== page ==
Anatomy of a Brand

Deer Totem


The Department of Fine Arts has just had its 60th birthday, and its departmental insignia has been around for 55 years. The simple logo has only one visible element—the silhouette of a well-rounded, chin-up and chest-out deer with branched antlers. But the meanings behind it are not simple at all.

The logo is derived from a deer-shaped pictorial seal of the Han Dynasty recorded in Selected Seals from the Shizhong Shanfang Studio, and gives the impression of antiquity, innocence and vitality. Deer is a symbol of docility, peace, agility, staunchness and gregariousness. According to Prof. Lee Yun-woon, former chair of the Department who wrote in the 1963 New Asia Life to elaborate on the then newly-designed badge, deer resonate well with the three pursuits of art—the true, the good and the beautiful:

‘Unlike cunning foxes or ferocious big cats, deer, which are not unlike devoted Taoists, range freely on the boundless plain and surrender themselves to nature. They have nimble limbs and a keen sense of smell and hearing, which alludes to a person’s ability to distinguish right from wrong, true from false, good from bad in his/her personal conduct and academic pursuit.’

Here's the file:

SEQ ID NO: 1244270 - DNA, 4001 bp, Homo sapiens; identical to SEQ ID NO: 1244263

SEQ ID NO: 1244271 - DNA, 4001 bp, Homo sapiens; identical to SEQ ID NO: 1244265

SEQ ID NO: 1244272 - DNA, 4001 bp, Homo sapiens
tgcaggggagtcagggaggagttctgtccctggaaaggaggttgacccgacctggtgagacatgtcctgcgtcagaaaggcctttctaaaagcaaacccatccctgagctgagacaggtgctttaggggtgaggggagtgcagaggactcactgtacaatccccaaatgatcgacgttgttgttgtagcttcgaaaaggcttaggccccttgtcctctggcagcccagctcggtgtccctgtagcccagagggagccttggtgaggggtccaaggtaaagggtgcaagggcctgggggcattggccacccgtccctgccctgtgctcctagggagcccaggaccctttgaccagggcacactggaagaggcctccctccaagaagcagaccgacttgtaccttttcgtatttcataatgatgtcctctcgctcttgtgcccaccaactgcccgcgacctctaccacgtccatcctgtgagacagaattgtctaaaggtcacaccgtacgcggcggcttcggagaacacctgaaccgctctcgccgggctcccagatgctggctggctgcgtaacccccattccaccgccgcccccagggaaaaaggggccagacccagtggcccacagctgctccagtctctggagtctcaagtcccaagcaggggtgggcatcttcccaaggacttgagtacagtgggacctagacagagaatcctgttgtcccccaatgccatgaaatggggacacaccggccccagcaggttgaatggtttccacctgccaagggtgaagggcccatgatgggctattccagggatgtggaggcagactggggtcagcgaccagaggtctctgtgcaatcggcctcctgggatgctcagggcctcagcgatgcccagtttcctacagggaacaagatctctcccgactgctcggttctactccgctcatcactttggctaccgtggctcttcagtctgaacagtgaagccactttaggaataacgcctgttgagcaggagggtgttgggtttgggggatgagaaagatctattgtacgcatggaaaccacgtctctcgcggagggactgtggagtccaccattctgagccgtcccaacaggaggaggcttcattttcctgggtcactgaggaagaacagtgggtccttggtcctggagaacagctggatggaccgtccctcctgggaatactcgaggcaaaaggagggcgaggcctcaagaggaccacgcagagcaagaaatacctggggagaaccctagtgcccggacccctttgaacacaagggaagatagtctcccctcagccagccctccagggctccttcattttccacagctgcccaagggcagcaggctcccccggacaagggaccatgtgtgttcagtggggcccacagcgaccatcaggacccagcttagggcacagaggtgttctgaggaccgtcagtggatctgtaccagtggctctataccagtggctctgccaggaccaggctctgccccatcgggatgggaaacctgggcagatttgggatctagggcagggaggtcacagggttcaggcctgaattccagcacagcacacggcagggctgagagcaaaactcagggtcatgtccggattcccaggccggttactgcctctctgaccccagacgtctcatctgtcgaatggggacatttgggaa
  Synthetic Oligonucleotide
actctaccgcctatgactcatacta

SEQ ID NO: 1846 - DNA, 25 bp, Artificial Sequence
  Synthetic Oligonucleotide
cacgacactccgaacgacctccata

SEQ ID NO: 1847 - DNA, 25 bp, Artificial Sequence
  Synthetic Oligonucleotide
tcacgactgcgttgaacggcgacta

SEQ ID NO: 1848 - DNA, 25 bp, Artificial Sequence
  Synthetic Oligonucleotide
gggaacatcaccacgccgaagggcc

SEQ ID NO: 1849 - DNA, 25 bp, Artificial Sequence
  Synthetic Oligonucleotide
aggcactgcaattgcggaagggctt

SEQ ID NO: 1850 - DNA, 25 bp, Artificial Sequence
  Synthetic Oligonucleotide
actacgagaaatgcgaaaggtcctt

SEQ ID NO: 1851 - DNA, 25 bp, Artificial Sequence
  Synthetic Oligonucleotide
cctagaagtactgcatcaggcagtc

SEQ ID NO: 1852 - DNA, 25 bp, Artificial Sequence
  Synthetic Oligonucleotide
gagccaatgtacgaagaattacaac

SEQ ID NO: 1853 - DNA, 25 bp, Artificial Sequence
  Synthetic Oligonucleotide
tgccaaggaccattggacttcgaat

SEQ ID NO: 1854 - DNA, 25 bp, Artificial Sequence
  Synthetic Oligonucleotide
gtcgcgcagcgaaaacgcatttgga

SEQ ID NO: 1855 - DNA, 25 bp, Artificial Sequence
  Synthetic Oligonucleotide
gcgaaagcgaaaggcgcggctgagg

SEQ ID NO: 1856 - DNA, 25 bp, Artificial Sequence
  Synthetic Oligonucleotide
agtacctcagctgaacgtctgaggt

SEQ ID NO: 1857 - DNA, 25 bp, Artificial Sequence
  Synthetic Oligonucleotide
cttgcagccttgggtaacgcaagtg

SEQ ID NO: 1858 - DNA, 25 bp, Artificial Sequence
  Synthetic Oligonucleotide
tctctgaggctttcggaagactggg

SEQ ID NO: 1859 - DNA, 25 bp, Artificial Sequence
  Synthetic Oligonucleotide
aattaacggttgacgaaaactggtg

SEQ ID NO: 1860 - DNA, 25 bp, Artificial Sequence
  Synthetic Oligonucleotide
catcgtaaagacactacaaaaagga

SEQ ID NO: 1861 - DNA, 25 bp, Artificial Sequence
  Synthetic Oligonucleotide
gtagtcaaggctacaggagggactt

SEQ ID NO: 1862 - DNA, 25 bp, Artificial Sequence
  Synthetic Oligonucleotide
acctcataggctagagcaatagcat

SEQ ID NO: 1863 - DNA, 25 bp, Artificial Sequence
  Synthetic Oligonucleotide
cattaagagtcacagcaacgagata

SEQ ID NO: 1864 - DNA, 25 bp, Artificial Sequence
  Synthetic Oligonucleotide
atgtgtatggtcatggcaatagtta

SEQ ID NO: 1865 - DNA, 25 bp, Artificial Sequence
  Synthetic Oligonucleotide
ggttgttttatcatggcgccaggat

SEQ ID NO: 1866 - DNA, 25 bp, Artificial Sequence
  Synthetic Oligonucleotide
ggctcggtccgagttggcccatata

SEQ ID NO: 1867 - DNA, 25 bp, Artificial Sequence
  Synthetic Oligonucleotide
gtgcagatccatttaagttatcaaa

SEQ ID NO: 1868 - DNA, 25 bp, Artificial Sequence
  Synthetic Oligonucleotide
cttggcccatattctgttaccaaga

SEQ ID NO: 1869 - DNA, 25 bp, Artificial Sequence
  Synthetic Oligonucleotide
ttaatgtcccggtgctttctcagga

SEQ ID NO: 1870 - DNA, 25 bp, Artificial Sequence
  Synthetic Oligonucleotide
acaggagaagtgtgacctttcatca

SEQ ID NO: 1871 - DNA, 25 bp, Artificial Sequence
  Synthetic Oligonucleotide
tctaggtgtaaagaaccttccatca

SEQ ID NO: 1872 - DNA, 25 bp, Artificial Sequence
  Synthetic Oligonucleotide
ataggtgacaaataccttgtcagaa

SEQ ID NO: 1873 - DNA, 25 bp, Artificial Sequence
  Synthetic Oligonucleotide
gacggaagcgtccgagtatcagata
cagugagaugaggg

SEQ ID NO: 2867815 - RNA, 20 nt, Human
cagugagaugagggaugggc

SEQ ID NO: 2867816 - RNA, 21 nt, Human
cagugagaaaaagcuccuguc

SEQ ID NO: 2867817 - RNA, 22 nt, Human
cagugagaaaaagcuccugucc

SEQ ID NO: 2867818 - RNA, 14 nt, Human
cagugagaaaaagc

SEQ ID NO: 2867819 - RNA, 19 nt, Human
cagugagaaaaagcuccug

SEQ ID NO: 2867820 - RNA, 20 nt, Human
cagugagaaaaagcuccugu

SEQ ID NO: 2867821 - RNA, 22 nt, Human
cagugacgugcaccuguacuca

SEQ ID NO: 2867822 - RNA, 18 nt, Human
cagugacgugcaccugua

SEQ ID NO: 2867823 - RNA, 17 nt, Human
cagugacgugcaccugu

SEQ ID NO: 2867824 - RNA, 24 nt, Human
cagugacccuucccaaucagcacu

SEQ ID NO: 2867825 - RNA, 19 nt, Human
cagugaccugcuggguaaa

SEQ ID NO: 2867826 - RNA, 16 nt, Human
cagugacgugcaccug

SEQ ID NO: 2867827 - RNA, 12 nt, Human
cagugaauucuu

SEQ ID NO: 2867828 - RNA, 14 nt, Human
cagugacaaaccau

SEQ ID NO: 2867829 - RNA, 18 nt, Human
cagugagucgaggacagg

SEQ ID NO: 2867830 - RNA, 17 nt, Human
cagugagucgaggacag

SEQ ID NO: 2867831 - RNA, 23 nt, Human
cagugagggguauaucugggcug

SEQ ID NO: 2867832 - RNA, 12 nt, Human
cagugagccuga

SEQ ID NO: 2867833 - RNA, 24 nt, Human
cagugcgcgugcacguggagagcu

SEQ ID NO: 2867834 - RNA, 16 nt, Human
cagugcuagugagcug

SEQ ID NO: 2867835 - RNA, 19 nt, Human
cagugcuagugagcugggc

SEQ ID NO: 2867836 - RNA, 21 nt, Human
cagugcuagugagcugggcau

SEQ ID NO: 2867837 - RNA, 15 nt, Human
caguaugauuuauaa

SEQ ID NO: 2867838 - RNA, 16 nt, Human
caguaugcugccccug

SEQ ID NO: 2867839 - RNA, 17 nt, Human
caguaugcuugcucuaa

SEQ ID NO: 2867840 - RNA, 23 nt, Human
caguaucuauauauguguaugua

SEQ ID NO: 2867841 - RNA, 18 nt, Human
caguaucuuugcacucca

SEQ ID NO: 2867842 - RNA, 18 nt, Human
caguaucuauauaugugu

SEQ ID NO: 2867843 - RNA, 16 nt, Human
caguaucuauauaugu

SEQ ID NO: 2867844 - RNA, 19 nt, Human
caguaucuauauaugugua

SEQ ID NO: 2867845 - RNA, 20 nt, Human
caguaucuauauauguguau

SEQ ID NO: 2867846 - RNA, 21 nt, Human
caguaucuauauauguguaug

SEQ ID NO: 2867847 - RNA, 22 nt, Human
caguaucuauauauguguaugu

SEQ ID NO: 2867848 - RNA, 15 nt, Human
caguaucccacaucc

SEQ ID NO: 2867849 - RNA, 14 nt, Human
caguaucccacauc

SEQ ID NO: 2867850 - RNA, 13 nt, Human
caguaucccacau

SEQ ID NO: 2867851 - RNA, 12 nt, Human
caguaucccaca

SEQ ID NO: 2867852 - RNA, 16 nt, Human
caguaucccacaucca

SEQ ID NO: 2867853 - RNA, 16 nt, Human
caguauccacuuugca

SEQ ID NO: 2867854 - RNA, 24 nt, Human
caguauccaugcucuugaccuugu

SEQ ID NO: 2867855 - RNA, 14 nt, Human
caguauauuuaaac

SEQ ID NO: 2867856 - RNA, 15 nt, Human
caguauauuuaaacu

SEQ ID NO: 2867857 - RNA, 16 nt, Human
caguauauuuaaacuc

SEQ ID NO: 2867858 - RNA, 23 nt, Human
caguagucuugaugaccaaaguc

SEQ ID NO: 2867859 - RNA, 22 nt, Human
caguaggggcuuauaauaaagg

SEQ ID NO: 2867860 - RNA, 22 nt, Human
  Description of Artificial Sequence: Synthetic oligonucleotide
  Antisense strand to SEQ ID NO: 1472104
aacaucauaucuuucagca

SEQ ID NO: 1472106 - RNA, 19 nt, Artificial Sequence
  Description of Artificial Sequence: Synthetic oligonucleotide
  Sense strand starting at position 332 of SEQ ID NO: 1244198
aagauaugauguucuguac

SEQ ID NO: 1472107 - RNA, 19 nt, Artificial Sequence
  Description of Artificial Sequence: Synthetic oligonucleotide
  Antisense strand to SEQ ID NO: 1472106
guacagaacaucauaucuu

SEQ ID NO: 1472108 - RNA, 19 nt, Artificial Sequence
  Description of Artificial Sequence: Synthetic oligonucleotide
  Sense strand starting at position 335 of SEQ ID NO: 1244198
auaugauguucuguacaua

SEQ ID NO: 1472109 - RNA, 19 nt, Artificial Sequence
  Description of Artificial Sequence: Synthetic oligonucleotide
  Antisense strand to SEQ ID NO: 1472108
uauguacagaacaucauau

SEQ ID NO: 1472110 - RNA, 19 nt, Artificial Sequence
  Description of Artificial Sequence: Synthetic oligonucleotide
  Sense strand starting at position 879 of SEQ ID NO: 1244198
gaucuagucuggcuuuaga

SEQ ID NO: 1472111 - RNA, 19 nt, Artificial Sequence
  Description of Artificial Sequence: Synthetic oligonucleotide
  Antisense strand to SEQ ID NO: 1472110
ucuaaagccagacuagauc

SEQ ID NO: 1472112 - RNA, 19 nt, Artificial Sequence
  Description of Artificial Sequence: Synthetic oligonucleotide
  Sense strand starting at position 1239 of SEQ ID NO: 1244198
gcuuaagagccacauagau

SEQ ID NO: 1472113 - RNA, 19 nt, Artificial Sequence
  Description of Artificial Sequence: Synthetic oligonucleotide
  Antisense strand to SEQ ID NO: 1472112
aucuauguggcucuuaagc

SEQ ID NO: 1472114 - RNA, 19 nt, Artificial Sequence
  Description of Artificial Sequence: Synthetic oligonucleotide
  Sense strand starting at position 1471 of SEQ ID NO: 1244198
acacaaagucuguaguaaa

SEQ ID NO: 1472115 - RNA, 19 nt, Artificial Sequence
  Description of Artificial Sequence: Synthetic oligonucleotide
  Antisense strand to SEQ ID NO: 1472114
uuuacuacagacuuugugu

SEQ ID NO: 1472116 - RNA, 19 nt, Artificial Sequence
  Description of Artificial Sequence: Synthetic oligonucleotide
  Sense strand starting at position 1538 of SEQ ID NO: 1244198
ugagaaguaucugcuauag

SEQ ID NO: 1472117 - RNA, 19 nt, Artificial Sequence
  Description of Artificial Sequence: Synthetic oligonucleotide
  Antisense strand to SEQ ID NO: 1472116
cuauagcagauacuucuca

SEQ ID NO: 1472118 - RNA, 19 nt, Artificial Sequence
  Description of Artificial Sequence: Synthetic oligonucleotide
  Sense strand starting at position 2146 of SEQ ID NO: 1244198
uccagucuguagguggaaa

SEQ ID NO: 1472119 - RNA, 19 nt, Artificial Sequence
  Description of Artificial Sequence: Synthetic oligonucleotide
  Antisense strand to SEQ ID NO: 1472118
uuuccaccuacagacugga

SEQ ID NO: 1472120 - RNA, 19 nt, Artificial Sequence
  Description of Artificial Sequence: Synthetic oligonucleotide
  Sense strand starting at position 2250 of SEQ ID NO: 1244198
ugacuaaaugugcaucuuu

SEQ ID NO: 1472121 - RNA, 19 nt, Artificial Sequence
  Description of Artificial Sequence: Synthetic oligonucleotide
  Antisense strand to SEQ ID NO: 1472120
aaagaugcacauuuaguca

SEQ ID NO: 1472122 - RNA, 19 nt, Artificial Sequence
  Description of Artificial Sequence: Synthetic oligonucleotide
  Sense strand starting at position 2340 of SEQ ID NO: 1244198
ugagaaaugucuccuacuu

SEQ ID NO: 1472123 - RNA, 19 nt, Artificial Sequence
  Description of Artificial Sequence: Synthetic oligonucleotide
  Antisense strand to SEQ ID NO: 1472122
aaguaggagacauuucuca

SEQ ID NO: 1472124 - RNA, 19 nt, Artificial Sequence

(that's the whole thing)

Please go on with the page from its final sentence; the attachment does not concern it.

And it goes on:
Deer have been prominently portrayed since the beginning of human history. Red deer are widely depicted in cave art found throughout European caves, with some of the artwork dating from as early as 40,000 years ago. They are also objects of mythology for ancient cultures throughout the West. Stags (males) are usually believed to have supernatural size and power, while hinds (females) are often credited with befriending saints and kings and helping heroes in need. Deer are common mythical symbols in early Asian cultures as well. For example, in China, deer symbolize health and long life. A spotted deer is believed to accompany the god of longevity.

In the animal kingdom, the tame deer are often victims to bullies and predators, whereas in the human society, artists are no strangers to marginalization. However, both of them readily accept harsh realities with unremitting tenacity, and make a significant impact on human civilization. The mammal in the Department’s logo turns out to be a hidden message to the future artists.

 

Christine N.

This article was originally published in No. 511, Newsletter in Jan 2018.

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Department of Fine Arts brand Lee Yun-woon Faculty of Arts